For several decades, we have been at the forefront of development and implementation of cutting-edge ultrafast and non-linear spectroscopies for the understanding of time-resolved processes in materials and molecular systems. In this time, we have built up a large platform of stationary and time-resolved spectroscopies such as fluorescence up-conversion, pump-probe and pump-dump-probe spectroscopy, time-resolved and stimulated Raman spectroscopy, hyper Raleigh scattering, photo-dissociation spectroscopy, and the corresponding methodologies for data-analysis. We applied these methods to study electron, proton and energy transfer and structural changes in super- and supramolecular (bio)systems ranging from covalently bound donors and acceptors over J-aggregates, conjugated polymers, confined metal clusters, perovskites and bulk heterojunctions to photoreactive and photo-switchable proteins. Often these materials had potential for applications in catalysis, photovoltaics, (O)LEDS, fluorescent probes and X-Ray detectors.


High-quality spectroscopy experiments are crucial to probe linear and non-linear photonic, photophysical and photochemical processes as fast as tens of fs, with micrometer spatial resolution and single molecule sensitivity. Of equally importance is the study of structural dynamics using advance time-resolved X-ray diffraction methods. The insights thus generated are important for novel applications, e.g. tailored to our society’s needs. A prominent example can be found in research related to green chemistry and energy production (photocatalysis, electrocatalytic nitrogen conversion,..)

The CFAS core facility will focus on

  1) further development and application of state-of-the art time-resolved and non-linear laser spectroscopy techniques for advanced physical/chemical/(bio)material research and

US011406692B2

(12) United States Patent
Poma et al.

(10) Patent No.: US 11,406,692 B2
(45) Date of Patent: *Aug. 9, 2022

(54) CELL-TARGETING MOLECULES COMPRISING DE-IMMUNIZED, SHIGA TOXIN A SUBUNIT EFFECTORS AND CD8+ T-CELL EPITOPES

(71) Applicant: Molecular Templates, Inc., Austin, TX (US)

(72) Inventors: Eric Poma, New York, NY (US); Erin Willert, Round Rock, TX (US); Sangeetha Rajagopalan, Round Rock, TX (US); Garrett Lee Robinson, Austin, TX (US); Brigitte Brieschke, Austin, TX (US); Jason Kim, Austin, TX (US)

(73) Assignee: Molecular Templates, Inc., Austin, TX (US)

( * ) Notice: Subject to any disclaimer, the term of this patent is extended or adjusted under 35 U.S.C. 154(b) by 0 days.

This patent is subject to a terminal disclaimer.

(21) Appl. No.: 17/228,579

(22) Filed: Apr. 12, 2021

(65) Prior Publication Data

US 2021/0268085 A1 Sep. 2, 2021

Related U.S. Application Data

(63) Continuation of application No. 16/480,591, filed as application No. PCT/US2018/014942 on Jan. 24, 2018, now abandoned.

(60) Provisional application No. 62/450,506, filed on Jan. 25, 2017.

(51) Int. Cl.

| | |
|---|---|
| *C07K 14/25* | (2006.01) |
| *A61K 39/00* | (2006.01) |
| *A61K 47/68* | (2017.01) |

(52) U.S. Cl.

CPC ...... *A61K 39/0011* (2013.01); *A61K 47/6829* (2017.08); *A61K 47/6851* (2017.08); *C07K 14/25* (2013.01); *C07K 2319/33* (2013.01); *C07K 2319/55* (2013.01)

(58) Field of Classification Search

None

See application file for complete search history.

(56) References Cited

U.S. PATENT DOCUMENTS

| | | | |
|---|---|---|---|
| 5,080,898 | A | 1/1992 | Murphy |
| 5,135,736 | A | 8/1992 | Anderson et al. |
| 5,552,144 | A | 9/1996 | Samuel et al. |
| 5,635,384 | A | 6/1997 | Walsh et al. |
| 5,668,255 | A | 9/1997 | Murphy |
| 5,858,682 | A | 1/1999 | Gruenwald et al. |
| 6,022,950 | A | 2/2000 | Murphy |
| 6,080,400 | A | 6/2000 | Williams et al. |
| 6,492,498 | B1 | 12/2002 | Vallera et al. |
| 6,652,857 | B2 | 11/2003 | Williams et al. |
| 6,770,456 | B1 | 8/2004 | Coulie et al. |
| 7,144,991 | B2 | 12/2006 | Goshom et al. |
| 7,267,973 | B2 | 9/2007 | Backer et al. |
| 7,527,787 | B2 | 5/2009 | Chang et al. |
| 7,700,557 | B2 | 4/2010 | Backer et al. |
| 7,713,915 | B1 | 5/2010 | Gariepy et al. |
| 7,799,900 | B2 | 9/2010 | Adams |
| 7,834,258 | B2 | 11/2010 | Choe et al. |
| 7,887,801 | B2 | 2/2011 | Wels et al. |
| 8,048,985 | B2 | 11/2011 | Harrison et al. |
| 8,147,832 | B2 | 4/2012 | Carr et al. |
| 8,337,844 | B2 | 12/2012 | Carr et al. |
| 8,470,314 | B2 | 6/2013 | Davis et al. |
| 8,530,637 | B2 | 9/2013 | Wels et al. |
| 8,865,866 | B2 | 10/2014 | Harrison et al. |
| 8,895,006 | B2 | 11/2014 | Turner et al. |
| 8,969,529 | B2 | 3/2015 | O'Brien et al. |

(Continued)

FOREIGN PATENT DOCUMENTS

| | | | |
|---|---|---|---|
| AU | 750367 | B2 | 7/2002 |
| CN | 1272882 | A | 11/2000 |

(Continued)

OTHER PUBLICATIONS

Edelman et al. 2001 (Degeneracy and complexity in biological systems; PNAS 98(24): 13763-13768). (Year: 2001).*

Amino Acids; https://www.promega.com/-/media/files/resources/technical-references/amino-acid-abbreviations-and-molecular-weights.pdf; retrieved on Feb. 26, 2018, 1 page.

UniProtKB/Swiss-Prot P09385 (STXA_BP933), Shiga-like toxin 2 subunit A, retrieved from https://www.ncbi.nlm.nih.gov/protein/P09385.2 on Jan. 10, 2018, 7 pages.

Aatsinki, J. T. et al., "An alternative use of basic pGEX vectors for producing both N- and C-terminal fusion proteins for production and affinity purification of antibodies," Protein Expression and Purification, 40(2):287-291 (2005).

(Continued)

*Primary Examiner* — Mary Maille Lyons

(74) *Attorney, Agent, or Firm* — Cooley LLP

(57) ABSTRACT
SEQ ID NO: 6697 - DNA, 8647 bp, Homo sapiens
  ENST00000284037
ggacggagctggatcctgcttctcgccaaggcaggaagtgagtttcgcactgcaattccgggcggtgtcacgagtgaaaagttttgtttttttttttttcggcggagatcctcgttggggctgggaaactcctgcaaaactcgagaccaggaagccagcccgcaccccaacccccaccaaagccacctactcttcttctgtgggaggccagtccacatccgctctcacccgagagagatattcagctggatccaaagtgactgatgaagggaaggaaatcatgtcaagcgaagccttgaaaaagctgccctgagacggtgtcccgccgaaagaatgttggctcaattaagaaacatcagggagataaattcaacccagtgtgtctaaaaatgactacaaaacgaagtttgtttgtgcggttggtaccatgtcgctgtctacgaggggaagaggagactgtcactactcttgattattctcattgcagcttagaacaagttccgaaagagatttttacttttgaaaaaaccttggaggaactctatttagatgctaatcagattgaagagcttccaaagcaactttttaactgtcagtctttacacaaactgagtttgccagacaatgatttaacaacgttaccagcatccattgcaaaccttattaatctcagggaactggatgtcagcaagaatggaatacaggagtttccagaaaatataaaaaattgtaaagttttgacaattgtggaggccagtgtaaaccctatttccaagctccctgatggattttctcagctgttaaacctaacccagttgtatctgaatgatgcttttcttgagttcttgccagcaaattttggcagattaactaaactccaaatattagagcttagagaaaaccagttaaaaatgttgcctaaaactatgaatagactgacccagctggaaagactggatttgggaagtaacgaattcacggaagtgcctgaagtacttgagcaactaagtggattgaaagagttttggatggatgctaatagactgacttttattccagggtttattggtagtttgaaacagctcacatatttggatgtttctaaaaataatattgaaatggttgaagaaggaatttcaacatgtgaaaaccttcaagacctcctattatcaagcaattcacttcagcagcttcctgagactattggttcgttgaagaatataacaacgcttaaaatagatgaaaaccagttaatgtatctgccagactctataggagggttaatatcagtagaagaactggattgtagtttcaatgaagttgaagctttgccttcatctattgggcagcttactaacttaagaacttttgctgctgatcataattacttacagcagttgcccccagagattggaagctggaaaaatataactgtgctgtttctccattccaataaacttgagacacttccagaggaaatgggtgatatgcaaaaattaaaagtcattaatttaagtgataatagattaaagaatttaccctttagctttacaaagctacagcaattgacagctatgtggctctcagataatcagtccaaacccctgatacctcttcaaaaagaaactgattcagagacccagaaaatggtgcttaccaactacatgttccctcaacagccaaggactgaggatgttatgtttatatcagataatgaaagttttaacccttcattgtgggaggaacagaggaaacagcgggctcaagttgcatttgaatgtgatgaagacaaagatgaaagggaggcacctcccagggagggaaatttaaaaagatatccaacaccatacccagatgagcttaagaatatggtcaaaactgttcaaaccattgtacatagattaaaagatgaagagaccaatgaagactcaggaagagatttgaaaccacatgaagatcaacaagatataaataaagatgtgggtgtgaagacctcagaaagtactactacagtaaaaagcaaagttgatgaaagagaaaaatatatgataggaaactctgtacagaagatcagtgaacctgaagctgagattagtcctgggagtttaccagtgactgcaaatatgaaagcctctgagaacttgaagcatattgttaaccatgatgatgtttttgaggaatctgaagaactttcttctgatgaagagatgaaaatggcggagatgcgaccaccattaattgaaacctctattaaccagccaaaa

2) providing its users with the right analytical tools for non-invasive investigation in a broad range of research fields. Considering the nanoscale organization of a large part of the investigated materials it is also important to obtain detailed structural information by combining temporal with spatial resolution.

A Large Collaborative Network

These research activities and long-standing reputation in the field have also attracted many fruitful academic collaborations. Internationally, long-term collaboration has been established with University of Toronto in Canada (Prof Ted Sargent), Nanyang Technological University in Singapore, Xiamen University in China , UC Berkeley in US, Hokkaido University in Japan, Brookhaven National Laboratory in USA and companies like Agfa, IMEC and Samsung Electronics etc.. Based on the experience gained we are confident that the CFAS core facility provides the involved parties, collaborators and stakeholders with the unique one-stop access to the state-of-the-art spectroscopy technologies, in Belgium, at the crossroad of chemistry, physics, materials and biology, with excellent service in terms of technological advice and assistance from our in-house experts.


The organization structure of CFAS is presented bellow and outlines the decision flow from top to down and distribution among various levels of the organization. The organizational structure includes rules, roles, and responsibilities to allow CFAS to remain efficient and focused.